It is rare that Bob Copper's birthday coincides with club night in Lewes at the club run by Vic and Tina Smith, The Royal Oak. But this year was different.
Rather like our own dear Queen, Bob Copper normally (at least since he reached 80 years) enjoys two birthdays, a 'Folk' birthday and a 'real' birthday. This year the two coincided. Accompanied by the massed bands of the family, his children and grandchildren, Bob was met by an audience of over 150 well-wishers in a room designed to hold about half that number. The atmosphere was simply full of fun and love as people jostled to try and actually observe the tonsils of our hero. Friends old and new sang or said their greetings - including Shirley Collins, who brought a tear to every eye, not only by delivering a memorable and heartfelt appreciation, but by proving (as if it were necessary) in song, that here was the Queen of English folk music returning to take up her crown once more. As I said, memorable and moving. The point was not lost on the audience, who rose to cheer and yet ponder how deprived our younger audiences have been of hearing such a talent.
Reintroduced by Vic Smith, who was valiantly battling against a failing voice and the dreaded 'flu, The Copper Family gathered around the Patriarch in numbers (both at the bar and in the clubroom) and performed all the favourites that would enable the audience to join in. And sing! That audience sung its heart out. Their support for the younger generation of Coppers was impressive: they clearly saw, as do the rest of the older family members, that here is the future - a fact so gratifying to Bob that it was plain to see it written all over his beaming face.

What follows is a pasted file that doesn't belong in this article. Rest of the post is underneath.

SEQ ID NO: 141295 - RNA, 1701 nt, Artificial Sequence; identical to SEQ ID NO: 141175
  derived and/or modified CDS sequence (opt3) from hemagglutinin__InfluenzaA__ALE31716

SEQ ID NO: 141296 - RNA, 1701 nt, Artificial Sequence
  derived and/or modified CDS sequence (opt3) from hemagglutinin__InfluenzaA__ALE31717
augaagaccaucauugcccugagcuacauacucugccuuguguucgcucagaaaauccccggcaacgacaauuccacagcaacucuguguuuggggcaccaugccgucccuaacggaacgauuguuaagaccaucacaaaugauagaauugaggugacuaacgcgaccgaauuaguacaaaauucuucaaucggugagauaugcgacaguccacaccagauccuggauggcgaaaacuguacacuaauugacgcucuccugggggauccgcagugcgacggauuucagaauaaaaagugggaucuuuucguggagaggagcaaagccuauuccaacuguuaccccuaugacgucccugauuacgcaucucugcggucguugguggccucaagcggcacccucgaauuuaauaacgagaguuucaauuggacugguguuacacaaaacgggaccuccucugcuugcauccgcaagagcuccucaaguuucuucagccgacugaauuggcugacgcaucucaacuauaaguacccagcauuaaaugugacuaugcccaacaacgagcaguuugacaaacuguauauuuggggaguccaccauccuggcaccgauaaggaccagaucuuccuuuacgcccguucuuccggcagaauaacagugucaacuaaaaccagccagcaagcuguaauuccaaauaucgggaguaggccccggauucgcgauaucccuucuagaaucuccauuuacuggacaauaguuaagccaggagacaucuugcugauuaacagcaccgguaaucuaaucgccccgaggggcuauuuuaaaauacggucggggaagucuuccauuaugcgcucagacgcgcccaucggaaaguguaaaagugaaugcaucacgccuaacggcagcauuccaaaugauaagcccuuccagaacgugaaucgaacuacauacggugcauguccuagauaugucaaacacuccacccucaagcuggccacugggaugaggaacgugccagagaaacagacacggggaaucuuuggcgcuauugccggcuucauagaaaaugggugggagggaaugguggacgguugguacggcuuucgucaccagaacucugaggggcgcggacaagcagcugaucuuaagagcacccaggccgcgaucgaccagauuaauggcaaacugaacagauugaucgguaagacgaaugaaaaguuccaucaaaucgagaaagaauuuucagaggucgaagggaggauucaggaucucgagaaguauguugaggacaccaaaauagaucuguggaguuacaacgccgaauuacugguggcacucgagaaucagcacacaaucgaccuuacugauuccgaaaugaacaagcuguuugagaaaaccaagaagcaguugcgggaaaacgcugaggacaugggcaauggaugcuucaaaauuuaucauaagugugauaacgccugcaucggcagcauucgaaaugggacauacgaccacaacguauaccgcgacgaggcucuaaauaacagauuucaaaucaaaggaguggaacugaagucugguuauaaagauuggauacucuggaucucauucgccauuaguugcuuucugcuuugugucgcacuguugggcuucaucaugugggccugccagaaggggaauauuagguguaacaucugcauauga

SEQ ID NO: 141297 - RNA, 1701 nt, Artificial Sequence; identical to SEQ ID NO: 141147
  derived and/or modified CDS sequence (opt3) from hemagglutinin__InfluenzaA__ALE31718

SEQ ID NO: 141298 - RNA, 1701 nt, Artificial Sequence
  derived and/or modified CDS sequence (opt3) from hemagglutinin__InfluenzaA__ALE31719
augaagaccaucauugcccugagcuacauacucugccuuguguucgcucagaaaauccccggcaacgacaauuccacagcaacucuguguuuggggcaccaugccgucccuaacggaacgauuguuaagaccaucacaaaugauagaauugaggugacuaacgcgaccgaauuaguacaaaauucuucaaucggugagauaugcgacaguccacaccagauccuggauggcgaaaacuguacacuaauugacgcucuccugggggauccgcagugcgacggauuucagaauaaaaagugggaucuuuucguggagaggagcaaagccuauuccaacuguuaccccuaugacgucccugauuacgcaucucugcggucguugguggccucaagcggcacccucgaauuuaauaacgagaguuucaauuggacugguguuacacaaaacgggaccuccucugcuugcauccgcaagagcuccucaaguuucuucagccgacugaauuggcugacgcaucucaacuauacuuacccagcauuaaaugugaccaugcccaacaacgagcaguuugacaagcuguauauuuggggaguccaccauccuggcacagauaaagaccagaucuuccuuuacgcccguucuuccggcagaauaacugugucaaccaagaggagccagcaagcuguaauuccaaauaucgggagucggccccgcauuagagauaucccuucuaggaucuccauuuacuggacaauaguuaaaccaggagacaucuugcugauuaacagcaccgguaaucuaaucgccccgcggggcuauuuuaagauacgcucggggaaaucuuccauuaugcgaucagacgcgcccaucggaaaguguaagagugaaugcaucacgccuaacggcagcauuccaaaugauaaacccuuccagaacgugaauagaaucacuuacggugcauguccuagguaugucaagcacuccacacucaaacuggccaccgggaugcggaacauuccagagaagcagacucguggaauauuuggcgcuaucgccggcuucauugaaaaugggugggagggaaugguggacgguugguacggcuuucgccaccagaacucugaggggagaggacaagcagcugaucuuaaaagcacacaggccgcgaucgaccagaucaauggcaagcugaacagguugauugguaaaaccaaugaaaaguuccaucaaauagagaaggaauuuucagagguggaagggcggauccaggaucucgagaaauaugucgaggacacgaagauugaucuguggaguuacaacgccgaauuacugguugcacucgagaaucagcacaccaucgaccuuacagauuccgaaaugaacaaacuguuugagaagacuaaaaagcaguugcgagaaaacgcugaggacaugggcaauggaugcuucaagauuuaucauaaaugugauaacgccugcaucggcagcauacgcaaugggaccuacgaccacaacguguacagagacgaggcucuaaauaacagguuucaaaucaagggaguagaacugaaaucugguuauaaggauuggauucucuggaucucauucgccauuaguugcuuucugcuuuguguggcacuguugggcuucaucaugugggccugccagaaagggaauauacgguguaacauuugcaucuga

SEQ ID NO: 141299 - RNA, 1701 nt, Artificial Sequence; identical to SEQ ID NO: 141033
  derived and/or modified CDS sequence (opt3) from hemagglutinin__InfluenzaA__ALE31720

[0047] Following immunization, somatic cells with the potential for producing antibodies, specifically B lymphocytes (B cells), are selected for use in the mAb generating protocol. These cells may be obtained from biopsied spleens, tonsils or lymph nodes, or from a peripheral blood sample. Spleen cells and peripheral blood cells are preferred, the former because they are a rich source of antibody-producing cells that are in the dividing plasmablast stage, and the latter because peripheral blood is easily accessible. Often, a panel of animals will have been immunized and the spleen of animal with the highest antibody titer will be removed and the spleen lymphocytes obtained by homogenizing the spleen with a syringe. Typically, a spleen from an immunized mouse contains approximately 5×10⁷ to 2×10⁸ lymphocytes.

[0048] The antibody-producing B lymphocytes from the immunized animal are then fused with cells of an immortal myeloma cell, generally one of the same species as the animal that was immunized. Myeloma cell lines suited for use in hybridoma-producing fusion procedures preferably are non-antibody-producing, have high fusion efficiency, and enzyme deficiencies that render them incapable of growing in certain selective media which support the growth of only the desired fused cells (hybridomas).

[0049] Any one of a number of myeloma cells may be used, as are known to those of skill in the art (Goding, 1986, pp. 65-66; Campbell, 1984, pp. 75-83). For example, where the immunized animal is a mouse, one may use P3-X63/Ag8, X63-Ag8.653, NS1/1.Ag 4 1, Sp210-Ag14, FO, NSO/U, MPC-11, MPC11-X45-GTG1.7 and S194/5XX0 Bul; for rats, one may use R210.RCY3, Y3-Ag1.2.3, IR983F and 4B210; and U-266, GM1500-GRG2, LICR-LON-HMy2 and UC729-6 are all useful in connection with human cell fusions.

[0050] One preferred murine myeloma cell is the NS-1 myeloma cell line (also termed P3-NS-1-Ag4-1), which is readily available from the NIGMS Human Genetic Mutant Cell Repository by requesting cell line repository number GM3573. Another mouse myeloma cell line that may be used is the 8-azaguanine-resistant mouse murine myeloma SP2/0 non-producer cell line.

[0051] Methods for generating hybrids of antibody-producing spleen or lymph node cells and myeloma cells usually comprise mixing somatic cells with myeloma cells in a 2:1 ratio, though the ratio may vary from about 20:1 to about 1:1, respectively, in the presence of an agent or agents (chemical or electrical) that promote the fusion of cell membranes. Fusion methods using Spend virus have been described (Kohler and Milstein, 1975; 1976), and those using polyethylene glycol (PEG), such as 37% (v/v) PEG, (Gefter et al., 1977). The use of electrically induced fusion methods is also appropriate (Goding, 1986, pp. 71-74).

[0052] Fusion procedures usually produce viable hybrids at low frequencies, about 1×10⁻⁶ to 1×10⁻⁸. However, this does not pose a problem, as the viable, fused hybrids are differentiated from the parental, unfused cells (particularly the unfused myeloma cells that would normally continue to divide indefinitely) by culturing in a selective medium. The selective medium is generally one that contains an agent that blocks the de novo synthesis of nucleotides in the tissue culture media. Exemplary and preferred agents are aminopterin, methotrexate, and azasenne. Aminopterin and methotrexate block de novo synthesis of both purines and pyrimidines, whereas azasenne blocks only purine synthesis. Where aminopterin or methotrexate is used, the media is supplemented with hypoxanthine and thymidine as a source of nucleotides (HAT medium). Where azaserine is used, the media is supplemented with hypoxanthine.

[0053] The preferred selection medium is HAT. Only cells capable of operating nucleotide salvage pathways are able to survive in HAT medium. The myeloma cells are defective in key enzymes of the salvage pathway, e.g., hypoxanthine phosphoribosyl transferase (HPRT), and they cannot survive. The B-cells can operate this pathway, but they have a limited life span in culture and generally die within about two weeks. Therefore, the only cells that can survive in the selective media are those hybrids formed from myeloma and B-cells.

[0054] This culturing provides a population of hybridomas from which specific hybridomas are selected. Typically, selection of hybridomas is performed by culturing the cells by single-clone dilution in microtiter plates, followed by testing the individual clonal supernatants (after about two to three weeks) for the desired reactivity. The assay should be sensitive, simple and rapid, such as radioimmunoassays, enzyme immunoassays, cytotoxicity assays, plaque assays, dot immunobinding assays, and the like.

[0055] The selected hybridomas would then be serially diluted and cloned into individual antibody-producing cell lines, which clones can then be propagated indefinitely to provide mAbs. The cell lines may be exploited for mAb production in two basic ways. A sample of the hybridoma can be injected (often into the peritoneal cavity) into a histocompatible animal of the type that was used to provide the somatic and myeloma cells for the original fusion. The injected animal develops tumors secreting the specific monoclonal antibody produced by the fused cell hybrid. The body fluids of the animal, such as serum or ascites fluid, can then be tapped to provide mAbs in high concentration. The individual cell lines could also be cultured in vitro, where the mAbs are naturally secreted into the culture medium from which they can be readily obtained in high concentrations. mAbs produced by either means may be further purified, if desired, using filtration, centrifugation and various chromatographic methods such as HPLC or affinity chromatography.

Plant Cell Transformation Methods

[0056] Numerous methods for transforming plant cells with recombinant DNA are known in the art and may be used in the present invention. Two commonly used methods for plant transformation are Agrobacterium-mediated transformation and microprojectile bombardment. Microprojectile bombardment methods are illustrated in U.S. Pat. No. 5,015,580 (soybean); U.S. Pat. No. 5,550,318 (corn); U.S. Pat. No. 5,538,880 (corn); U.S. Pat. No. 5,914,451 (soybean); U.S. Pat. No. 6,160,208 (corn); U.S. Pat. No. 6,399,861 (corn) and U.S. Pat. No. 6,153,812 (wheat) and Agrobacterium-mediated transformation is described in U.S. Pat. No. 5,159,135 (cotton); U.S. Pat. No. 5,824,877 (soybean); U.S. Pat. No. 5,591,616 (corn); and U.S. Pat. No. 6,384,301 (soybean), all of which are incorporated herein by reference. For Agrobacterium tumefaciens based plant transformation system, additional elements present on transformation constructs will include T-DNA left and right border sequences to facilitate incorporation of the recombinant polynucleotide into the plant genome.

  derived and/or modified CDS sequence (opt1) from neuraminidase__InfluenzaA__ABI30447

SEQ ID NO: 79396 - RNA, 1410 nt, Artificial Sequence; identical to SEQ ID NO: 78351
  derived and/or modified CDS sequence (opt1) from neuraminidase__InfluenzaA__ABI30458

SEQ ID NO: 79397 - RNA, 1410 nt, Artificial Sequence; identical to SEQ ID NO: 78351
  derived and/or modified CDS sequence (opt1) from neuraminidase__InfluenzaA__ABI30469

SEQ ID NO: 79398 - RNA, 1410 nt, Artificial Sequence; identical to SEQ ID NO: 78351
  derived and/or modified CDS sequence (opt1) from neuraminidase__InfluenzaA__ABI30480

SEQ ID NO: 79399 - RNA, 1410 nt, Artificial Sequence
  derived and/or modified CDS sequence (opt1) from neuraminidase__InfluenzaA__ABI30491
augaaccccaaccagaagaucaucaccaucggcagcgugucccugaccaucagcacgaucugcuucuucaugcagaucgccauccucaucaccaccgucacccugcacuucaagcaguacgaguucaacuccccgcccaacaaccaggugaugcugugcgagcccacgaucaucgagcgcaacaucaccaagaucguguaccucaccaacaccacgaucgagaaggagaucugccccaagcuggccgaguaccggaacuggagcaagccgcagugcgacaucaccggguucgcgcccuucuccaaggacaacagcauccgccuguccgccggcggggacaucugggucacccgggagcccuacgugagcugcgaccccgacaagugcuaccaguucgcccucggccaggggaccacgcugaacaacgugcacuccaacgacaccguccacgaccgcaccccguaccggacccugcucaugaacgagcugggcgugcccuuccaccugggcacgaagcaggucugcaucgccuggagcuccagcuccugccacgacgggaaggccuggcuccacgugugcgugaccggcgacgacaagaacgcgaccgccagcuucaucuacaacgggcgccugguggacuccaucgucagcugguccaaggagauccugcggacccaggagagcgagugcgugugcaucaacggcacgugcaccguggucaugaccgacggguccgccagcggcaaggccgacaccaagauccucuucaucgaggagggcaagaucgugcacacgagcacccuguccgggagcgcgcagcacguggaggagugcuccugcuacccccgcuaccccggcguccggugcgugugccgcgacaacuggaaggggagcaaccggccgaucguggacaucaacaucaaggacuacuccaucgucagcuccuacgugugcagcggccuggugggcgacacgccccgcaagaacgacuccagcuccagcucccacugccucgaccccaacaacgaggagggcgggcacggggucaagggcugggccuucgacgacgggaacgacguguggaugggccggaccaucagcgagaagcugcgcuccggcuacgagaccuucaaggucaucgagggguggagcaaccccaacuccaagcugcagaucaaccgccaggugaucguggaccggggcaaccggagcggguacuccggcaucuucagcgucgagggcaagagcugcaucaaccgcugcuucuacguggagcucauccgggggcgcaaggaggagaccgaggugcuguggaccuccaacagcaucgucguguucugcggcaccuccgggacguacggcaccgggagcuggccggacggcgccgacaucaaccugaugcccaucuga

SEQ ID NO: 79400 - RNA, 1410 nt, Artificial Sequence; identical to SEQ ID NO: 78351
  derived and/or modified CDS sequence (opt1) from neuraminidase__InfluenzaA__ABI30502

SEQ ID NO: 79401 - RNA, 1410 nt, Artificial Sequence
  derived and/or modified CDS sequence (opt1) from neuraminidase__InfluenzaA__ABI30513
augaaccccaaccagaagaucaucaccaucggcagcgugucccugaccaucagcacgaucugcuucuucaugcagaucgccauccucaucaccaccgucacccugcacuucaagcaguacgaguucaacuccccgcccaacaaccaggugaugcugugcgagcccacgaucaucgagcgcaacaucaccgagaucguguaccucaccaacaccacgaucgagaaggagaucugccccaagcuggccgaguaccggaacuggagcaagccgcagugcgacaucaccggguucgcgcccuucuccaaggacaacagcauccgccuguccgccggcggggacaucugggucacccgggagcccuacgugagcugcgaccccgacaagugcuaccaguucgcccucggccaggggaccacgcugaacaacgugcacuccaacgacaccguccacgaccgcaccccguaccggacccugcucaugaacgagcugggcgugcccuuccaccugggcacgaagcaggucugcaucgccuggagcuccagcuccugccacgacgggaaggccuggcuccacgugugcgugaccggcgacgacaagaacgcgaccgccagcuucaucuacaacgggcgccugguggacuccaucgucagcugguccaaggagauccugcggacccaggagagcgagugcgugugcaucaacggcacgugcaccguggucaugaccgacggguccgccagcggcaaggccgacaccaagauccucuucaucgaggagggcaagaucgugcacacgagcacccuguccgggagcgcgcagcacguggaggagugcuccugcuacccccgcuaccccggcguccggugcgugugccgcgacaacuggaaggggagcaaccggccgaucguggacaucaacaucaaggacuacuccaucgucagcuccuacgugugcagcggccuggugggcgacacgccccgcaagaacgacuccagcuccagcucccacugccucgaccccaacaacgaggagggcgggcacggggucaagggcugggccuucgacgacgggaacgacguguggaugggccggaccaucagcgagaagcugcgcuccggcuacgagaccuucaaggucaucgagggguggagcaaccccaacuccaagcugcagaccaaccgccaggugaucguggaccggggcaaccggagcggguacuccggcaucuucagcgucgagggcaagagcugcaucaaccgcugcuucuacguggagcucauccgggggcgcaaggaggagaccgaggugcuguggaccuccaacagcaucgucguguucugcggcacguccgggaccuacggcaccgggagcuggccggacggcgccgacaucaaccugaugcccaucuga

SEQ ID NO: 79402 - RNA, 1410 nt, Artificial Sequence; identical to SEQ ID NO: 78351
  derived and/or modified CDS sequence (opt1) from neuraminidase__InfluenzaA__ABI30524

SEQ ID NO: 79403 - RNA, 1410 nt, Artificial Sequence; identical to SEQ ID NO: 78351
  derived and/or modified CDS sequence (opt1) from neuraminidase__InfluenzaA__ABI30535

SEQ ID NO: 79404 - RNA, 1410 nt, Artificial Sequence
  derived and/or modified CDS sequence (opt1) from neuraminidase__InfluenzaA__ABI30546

The evening was divided into 'three halves', the second of which caused a minor sensation when, joined by 'the well known publisher of a popular folk/world music journal' and the 'well known wearer of the Fez and able assistant to one William Bragg', Peg Leg Barbeque Bob Copper slipped easily into his other persona ... that of country bluesman and King of the Cuckmere Delta. What a treat! If only Peter Bellamy had been there: of all the folkies, he knew best of Bob's 60 year love affair with The Blues. 'Divin' Duck Blues' and 'Goin' down to Brownsville' were fantastically accompanied and hauntingly sung by this impromptu trio, and the look on Andrew Cronshaw's face said it all - this one's filed in the 'never to be forgotten' section of the memory banks. Modestly, Bob concluded this set with: " I've always said it takes a black man to really sing the blues ... and tonight I've proved it." Somehow I don't think his friend, the bluesman Jerry Ricks, would necessarily agree: anyway we eagerly await his version of Spencer the Rover!
By this time in the evening your correspondent admits to being a little 'tired and emotional' but more was yet to come. Previously John Copper had made two important announcements. One was that Bob was, on 27th January, to receive an honorary degree from Sussex University in recognition of both his contribution to the traditional music of his native home and for his writing. The other was that on 22nd January, Bob's first grandson, Jill's boy Mark, was to be married to Meriem - the first of the grandchildren to embark on this risky venture.
The third 'half' started with the aforementioned Meriem delivering a powerful a cappella version of 'Je ne regrette rien' - knockout, but then she's a sort of female Swiss/French Bob Davenport and quite used to singing in English pubs! From then on in it was various combinations of Coppers, and a spine tingling version of 'The Bold Princess Royal' from Bob, culminating with the ubiquitous 'O Good Ale'. Long past parliament time the audience fell out into the quiet streets of Lewes pinching themselves to see if it really had all happened.
The family continued their personal celebrations long into the small hours, and our octogenarian star was despatched to his bed at 3.45am in order that younger members of the Family could get some sleep!
As they say, it doesn't get any better than this.
Many thanks to Vic and Tina Smith, of The Royal Oak, Lewes, for the photos:
Top: John, Bob and Jill with some of the grandchildren behind them, all singing.
Middle: John, Bob and Jill right at the end of a song, quite a happy one.
Bottom: John, Bob, Jill and Jon in full song.
And finally - Vic Smith with Bob Copper.
This page last updated on 3 January, 2006